Finishers and Finish Times by Division 1997 to 2011
Ironman Canada’s number of finishers grew by 64 per cent in this 15-year period, an average of four per cent per year, from 1,584 to 2,598.
Two important distinctions to be aware of, and this is true of nearly all Ironman events:
1. ATHLETES WHO DID NOT START (DNS): For a variety of reasons, those who sign up do not actually race. In the late 1990s, the DNS rate in Canada was around seven per cent to 10 per cent. As the rage began to grow by well over 100 per year, many of the new triathletes may have been less motivated, experienced, injured, or ready to race, choosing to opt out. For whatever reason, by the mid-2000s, the DNS rate rose to 16 per cent to 20 per cent
2. ATHLETES WHO STARTED BUT DID NOT FINISH (DNF): Between three per cent and five per cent of those who race do not finish. That explains the difference between Entrants and Finishers.
The chart below, of Ironman Canada
Finishers 1997 to 2011, is roughly parallel to the number of Entrants. For example, in 2011, the number of Entrants – those whose paid registration guaranteed participation in the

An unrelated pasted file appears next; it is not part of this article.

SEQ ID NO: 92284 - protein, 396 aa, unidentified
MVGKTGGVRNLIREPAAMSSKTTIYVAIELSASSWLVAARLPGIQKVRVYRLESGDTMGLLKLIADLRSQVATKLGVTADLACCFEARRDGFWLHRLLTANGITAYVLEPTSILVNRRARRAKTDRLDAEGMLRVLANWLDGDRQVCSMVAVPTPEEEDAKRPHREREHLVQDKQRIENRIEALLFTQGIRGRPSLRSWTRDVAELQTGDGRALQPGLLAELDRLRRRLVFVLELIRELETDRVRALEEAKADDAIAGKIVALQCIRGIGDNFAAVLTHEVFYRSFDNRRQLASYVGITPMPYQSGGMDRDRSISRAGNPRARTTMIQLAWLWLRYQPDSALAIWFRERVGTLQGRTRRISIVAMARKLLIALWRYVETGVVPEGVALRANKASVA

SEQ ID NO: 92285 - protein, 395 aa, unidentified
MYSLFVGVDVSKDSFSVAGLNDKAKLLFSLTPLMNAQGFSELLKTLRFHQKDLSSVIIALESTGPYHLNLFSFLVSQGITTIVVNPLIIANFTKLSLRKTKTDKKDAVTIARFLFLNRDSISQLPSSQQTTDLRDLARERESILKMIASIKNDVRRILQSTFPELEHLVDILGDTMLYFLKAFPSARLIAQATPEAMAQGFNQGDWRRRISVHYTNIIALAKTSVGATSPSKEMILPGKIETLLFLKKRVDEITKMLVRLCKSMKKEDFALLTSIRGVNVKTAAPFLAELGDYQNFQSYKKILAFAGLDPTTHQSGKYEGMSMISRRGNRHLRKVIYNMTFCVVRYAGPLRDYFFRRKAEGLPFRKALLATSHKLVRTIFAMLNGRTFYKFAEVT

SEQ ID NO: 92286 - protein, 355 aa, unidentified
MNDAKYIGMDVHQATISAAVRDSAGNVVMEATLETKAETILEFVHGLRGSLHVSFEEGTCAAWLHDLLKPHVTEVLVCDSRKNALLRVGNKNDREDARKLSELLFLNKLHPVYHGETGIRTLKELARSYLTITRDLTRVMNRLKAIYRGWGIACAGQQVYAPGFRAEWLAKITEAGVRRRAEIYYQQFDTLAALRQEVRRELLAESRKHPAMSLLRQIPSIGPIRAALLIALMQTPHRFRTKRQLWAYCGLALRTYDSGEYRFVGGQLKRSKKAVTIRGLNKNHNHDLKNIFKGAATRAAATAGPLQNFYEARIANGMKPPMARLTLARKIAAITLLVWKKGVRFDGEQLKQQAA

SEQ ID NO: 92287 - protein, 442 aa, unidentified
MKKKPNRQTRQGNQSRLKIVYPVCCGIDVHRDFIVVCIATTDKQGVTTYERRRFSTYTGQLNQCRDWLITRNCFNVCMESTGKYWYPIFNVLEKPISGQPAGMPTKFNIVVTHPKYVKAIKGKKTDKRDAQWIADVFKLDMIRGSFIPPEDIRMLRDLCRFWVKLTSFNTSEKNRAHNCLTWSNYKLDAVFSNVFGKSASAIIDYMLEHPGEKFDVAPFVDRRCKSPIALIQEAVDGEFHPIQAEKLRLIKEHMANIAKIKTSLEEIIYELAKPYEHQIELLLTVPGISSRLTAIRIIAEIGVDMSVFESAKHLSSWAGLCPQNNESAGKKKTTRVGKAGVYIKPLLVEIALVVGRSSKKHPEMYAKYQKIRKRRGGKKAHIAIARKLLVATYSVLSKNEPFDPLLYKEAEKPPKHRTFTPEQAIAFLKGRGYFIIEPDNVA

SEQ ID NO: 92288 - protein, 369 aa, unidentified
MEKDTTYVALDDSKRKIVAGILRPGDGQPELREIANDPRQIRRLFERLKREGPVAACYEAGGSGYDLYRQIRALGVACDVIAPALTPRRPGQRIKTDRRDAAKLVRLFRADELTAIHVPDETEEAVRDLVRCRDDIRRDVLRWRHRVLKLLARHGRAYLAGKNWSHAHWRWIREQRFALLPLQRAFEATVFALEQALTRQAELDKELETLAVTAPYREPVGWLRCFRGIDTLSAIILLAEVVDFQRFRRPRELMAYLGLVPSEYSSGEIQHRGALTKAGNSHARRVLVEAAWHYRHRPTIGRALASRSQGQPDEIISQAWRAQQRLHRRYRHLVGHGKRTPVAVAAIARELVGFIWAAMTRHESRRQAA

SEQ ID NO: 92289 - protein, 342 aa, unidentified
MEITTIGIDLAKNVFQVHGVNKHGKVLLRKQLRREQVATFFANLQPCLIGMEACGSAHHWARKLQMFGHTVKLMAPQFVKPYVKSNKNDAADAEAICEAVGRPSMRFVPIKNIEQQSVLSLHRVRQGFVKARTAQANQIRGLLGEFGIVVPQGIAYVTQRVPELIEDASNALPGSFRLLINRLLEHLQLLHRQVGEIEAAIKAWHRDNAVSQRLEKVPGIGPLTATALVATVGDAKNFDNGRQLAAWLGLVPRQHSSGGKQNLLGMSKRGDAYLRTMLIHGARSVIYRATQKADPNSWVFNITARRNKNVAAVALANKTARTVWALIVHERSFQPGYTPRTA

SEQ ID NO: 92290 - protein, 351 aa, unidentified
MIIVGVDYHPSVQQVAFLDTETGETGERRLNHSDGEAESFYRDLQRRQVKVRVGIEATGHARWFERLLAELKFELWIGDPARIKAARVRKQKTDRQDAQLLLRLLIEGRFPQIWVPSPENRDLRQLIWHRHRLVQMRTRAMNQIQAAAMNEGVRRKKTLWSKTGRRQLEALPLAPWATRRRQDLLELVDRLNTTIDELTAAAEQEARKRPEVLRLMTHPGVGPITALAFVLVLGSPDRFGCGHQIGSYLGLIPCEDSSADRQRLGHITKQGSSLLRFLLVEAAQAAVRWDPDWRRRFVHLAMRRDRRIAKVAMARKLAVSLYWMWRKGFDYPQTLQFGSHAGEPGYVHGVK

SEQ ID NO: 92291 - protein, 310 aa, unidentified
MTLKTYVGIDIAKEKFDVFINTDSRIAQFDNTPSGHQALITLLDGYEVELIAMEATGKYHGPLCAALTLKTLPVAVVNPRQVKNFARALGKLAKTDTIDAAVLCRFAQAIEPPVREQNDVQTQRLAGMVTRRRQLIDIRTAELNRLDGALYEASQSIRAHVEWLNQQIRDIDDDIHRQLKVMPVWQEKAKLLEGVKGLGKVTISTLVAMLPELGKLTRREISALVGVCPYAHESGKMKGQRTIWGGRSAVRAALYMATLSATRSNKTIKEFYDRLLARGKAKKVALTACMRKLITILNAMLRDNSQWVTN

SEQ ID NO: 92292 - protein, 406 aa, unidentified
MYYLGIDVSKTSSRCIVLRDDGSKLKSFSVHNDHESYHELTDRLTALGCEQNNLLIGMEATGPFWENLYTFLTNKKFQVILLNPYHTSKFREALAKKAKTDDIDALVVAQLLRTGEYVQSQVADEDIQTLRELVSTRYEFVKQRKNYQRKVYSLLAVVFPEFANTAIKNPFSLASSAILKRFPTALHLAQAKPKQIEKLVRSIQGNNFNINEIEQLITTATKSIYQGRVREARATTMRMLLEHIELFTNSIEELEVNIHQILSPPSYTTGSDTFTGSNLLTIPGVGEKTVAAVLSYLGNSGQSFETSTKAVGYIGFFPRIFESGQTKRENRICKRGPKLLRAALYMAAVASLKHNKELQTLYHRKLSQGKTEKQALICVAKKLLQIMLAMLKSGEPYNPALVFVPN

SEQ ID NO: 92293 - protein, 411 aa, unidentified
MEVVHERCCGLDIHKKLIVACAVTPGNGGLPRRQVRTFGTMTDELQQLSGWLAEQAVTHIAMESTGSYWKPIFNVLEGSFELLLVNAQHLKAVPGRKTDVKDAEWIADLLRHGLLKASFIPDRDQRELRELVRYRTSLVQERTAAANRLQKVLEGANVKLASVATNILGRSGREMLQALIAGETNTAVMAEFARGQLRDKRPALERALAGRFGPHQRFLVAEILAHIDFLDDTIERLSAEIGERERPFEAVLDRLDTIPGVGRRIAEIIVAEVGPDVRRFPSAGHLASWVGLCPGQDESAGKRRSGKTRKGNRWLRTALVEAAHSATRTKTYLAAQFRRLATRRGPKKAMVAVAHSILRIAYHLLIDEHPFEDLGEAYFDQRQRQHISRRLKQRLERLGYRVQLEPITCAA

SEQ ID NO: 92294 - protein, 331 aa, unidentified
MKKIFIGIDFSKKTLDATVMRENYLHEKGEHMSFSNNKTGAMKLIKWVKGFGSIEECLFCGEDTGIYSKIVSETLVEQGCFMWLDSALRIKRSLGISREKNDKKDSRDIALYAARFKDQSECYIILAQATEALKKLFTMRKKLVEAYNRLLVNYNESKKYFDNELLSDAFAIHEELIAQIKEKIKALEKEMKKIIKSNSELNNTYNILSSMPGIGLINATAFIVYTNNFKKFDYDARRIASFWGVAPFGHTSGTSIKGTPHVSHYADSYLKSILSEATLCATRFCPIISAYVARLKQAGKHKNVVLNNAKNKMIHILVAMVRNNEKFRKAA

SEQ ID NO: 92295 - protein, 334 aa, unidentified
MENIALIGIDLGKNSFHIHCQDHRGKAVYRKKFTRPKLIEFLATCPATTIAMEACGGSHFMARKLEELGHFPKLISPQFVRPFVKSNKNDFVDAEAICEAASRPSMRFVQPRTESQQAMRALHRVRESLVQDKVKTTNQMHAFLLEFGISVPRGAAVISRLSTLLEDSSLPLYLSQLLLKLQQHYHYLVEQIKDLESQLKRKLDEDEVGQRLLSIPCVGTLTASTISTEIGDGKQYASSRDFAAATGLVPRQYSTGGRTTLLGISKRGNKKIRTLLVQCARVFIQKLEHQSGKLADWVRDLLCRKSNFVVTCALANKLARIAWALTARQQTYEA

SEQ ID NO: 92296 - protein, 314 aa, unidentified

race – was in the 3,250 range. Considering the fairly normal 16 per cent to 20 per cent that did not start (418) and the actual 234 that did not finish, the result is 2,598 finishers within the 17-hour cut-off time.
As we’ve said, every Ironman will have some per centage of athletes who are not able to finish, due to a variety of factors, from injuries to mechanical failure, to dehydration, to plain exhaustion, to weather conditions.
Every year is a different story. This chart presents Ironman Canada Penticton finishers (blue bars, same data as in the previous green line chart). This chart adds the actual DNF data in red for each race 1997 to 2011.
While most numbers are relatively consistent with predicted DNFs, two years are worth noting: 1998 and 2008. Both are outliers that fall into the category of divergence from the rest due to conditions. In 1998, a race I had the pleasure to experience, the temperatures were so hot that we were told 200 athletes ended up in the medical tent, or on in the hospital for overnight observation. That’s why you see a 250 DNF.
The 2008 race almost didn’t happen as an out of control brush fire stormed far and wide, mile after mile toward Penticton. Athletes were given the option to skip the race rather than endure the thick smoke that was soon to envelop the area. Only 2,210 athletes started the event, with 147 DNF, but it’s fairly certain that the DNF number would have been much higher among those who chose not to race.
1,584 1,469 2,062